**Pretty way to group elements at odd and even positions ,** How to make a function that splits list elements by odd and even positions? Shortest implementation wins. I myself came up with: splitOdds[x_] := Extract[x, And this is all. The result will contain the elements placed on the following positions (0-based, so first element is at position 0, second at 1 etc.): 1, 3, 5 so the result (actual numbers) will be: 2, 4, 6 Explanation. The [1::2] at the end is just a notation for list slicing. Usually it is in the following form: some_list[start:stop:step]

**Add 3 to just the odd-index elements - MATLAB Answers,** Add 3 to just the odd-index elements. They give the answer as. b = x(1:2:end) + 3. but that makes a new matrix with just two numbers in it. output : {2 5 8 7 6 1 9 }. This is similar to an implementation of partition method of quick sort.We start from the left and keep two index one for even position and other for odd positions. Traverse these index from left. At even position there should be even number and at odd positions, there should be odd number .

**ESOP '92: 4th European Symposium on Programming, Rennes, France, ,** i) ti is a list of lists whose length is even and its elements in even positions are lists of ii) t? is equal to ti but with the elements in odd positions substituted by lists of "a" of the Let us consider for example the class of goals {:-change(t1, t2).} C program to put all even and odd elements of array in two separate array. C program to count total even and odd elements in a given array. C program to search an element in the array. C program to count frequency of each element of the array. C program to merge two array in third array.

**LATIN 2004: Theoretical Informatics: 6th Latin American Symposium, ,** An odd or even label is determined by an element's position in the input string and does not change at any stage of the algorithm. We will use O[S] and E[S] to Start from the left and keep two index one for even position and other for odd positions. Traverse these index from left. At even position there should be even number and at odd positions, there should be odd number. Whenever there is mismatch , we swap the values at odd and even index.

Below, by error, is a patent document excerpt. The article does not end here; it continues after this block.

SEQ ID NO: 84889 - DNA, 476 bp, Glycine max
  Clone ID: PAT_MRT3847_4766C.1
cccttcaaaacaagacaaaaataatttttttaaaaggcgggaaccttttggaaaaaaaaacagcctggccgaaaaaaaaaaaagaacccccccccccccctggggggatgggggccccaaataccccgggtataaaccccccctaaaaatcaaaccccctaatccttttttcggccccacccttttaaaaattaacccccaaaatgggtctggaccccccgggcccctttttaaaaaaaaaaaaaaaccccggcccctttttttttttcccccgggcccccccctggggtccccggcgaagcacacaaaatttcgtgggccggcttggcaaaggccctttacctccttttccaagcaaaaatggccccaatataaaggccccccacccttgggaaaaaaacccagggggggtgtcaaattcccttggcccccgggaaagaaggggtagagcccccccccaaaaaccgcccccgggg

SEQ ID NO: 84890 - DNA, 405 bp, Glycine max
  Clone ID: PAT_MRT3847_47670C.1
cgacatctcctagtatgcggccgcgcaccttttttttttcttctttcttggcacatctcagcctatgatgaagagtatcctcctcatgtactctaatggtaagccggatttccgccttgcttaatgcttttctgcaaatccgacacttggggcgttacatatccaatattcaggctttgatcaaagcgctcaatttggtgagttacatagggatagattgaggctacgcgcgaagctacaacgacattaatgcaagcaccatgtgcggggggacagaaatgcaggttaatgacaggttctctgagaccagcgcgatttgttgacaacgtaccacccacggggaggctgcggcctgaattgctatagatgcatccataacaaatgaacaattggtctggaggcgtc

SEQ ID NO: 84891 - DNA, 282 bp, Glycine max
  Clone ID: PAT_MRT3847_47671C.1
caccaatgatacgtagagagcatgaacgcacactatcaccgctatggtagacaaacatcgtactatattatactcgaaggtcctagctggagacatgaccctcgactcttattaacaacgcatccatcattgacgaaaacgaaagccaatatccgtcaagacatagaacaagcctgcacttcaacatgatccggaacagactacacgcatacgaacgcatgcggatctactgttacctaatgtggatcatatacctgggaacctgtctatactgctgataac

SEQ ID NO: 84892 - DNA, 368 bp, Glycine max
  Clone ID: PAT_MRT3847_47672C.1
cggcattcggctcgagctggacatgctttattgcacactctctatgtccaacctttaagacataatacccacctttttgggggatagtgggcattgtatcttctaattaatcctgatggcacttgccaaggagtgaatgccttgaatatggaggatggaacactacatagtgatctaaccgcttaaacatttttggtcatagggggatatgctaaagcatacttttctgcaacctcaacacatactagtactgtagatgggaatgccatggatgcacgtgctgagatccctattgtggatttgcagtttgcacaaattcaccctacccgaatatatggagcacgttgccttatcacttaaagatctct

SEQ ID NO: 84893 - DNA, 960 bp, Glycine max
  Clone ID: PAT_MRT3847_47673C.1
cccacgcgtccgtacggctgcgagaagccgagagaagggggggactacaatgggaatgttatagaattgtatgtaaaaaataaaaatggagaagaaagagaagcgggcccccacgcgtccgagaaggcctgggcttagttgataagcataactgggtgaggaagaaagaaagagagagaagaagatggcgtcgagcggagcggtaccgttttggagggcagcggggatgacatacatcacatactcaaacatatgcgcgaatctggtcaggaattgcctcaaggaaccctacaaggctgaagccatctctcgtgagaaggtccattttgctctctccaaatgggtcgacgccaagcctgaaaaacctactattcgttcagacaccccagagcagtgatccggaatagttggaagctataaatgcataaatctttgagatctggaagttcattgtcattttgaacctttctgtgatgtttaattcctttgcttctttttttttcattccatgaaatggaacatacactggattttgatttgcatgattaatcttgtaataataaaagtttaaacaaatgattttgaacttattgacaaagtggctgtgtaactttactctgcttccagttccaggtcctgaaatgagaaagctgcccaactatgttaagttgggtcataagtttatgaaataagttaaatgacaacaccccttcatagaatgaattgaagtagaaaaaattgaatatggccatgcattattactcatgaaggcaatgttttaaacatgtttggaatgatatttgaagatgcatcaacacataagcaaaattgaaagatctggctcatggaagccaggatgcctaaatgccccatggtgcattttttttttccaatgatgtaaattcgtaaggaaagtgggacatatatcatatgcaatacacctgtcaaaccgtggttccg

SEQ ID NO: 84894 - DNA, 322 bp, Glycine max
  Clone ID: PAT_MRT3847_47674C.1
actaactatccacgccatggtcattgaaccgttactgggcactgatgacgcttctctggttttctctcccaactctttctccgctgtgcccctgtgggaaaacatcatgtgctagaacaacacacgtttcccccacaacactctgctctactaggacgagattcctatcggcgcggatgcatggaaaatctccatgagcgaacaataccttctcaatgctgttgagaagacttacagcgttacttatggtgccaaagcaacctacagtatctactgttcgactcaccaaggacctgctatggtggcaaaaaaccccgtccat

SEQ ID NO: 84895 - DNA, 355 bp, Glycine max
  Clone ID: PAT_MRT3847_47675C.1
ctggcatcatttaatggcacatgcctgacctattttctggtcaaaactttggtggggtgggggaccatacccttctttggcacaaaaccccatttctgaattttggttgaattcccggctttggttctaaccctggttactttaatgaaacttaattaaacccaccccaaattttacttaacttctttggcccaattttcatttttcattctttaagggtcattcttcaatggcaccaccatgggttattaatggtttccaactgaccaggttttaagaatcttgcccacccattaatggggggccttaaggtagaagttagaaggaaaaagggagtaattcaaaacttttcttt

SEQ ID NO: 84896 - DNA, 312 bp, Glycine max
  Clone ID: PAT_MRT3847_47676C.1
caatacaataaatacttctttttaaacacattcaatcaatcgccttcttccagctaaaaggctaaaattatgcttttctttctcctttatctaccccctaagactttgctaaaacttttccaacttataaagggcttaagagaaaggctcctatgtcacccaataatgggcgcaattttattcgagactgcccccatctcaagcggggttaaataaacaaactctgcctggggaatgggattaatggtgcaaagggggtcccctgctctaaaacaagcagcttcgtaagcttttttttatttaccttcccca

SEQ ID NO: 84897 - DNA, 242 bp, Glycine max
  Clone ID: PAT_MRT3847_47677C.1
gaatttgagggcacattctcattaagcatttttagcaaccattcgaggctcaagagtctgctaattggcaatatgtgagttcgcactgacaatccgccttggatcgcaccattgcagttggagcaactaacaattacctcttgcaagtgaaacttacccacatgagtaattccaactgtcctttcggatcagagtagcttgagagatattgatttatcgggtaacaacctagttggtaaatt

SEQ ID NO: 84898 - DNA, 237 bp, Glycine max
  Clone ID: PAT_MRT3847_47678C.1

##### Comments

- I can many confusions going around answer to your question. It would be better if you can provide expected output for
`BloodSugar`

after multiplication. - @r_beginner try the code I provide
`PatientProfile[even_ind, "BloodSugar"] <- PatientProfile[even_ind, "BloodSugar"] *5`

. This should work on the dataset based on the screenshot of your table. - Thank you for your help. I actually need to multiply odd positions by 5; not even! What does even_ind stand for?
- @r_beginner fixed the code for you. Copy and run the three lines I gave you and it will work.
`odd_ind`

is just a vector of odds numbers going from 1 to 15 for a dataframe that has a row of 16 or less (hence`nrow(PatientProfile)`

) - It worked for me xoxo
- please accept the answer @r_beginner and glad it helped you! Was my explanations about what
`odd_ind`

clear enough? - Thank you for your reply. I tried your suggestion but it turned my values into (1,0) then my new column gave me weird decimal numbers
- That's why you should provide a reproducible example.
`$`

is to create a new column, make sure you follow exactly the steps I posted. However, if other solutions did solve your problem, forget mine and accept that as an answer. - Can I use if else or loops? Thanks
- I tried every single suggestion on here, none of them worked for me. They absolutely sound gibberish to me "I LITERALLY CAN CRY AT THIS POINT" Can you please view the table I provided?
- Looking at your table you are trying to multiply column 3: I'll update the code, check back in a minute
- @r_beginner done - see all the 3's in my code - that's telling it which column to focus on
- Yup, that is correct. I need to multiply 132 (location 1), 79 (location 3), 120 (location 5) , 89 (location 7), 139 (location 9)…… each by 5.